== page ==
Amanda de Cadenet on Breast Size and Self Image

“From time immemorial, our beautiful breasts have been the source of nourishment, prepubescent wonderment, artistic rendering, erotic devotion, and a whole lotta magazines at the back of the stand.”


Boobs. Bosoms. Cans. Jugs. Melons. Rack.

Breasts have many euphemisms in our culture. They have been memorialized in art throughout history as symbols of fertility and beauty; and nowadays as sexual object in film and print. The primary function of a woman’s breasts (yes, men grow them too) are as a mammary glands for the feeding and nourishing of infants. Breasts have also grown to have a secondary function: they exist as part of our sexual attractiveness and their size can have a profound impact on our self-image. As a result, breast enhancement surgeries are more popular than ever. In fact, implants are the leading form of cosmetic surgery in our country.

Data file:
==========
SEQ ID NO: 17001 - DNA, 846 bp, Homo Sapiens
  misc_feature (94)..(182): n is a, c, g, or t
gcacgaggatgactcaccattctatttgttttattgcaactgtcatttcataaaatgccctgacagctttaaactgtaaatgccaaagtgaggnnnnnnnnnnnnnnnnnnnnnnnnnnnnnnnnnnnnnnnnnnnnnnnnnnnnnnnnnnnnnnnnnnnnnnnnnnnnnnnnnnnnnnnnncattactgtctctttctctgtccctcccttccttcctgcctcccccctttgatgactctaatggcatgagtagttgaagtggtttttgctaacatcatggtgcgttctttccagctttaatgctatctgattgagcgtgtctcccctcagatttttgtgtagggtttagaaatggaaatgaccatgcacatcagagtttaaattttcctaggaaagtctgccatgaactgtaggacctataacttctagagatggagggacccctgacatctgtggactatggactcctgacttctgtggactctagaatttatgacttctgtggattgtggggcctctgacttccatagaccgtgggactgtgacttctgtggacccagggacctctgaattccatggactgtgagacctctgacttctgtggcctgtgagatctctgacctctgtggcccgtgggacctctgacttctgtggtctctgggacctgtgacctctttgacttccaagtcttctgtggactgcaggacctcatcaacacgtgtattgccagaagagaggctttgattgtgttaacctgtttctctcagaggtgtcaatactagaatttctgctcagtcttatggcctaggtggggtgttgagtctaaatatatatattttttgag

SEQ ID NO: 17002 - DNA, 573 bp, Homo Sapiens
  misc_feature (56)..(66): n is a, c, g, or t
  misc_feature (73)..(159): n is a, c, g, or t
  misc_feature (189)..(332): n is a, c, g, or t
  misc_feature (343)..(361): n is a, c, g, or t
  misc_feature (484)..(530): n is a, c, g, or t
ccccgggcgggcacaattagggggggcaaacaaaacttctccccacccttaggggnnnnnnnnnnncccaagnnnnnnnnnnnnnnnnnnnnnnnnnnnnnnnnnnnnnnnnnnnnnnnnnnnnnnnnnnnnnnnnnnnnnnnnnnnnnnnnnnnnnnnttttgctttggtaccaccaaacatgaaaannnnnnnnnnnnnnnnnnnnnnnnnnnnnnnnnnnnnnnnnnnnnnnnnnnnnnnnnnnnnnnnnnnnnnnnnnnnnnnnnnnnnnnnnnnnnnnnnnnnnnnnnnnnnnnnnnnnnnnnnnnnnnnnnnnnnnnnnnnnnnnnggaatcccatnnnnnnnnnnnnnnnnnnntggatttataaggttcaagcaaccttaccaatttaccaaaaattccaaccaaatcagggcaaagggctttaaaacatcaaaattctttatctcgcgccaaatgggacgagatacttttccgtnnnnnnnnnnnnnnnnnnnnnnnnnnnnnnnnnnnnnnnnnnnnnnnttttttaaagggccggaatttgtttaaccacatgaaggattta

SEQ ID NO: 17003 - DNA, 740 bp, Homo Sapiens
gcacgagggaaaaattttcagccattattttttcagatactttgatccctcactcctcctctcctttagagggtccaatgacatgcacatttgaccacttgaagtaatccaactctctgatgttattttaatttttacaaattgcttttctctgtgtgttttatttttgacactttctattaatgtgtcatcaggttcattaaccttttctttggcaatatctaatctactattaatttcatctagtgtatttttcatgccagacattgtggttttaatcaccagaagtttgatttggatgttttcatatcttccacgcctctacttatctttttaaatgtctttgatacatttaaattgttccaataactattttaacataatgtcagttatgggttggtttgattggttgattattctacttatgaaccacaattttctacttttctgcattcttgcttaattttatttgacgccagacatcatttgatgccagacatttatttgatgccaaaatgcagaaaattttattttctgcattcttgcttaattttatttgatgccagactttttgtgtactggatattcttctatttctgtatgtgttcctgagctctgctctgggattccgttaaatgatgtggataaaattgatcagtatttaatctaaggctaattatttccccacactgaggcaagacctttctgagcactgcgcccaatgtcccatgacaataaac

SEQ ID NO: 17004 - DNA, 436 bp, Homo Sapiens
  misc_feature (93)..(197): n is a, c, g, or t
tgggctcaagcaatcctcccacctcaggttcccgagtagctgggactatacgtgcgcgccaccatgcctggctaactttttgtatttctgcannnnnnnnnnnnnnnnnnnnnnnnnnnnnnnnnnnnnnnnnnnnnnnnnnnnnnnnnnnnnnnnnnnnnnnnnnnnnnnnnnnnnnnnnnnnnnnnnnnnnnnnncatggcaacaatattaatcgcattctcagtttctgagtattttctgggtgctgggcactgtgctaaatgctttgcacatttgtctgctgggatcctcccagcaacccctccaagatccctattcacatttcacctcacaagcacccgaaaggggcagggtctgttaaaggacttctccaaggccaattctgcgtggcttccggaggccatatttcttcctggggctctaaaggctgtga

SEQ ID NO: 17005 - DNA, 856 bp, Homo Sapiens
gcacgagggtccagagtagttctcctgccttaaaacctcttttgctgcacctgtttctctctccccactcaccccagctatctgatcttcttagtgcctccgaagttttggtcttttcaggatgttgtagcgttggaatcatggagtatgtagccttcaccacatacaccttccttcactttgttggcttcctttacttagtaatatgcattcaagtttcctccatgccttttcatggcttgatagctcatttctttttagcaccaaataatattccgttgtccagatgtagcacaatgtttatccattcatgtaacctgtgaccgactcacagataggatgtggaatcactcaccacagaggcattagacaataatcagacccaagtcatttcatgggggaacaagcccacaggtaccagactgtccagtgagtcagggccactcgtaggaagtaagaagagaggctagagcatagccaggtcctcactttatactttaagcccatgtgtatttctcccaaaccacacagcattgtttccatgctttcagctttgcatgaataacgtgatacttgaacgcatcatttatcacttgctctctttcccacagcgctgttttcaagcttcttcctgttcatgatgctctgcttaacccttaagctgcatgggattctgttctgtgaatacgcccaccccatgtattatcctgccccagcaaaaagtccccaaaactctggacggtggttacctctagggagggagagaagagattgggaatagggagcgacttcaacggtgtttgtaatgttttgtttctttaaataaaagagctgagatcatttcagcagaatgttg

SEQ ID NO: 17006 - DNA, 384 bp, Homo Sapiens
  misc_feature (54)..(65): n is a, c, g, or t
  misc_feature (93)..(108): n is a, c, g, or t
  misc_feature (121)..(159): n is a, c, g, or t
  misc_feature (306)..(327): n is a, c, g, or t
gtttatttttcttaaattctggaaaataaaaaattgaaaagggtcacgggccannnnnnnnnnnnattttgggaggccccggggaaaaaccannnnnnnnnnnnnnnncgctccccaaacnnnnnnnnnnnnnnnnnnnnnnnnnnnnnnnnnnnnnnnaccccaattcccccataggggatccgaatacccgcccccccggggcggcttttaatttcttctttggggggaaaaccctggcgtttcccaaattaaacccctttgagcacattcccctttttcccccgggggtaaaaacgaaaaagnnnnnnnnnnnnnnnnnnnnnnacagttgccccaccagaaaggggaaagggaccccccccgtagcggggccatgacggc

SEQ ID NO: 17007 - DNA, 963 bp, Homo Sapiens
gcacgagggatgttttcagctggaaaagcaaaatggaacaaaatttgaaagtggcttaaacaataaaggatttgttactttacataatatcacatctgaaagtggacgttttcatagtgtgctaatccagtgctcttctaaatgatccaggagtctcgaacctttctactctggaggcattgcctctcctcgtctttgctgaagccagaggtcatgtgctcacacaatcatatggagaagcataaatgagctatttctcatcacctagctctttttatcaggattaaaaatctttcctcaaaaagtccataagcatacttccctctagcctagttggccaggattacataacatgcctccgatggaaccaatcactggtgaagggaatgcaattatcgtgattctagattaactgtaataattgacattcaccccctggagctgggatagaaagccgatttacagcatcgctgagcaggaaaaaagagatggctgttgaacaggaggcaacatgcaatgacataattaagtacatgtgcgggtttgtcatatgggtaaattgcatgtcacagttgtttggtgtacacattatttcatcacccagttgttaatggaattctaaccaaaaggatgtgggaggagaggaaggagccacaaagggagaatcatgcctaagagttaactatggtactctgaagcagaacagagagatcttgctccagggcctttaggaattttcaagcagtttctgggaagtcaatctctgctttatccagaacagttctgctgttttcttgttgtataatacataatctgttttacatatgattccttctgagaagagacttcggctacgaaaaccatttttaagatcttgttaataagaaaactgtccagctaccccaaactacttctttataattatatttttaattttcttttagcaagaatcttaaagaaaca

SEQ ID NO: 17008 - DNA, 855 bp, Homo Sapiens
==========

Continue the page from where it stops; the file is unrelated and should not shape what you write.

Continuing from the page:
We asked Amanda De Cadenet (photographer, writer, producer, director, mother and creator and host of The Conversation) to discuss her feelings on body image. She chose to share how her breast size has impacted her self-image.

We want to hear about YOUR body. What’s your favorite part? Are there are any body parts you’re trying to accept? Tell us in the comments below or tweet us @TheBodyBook.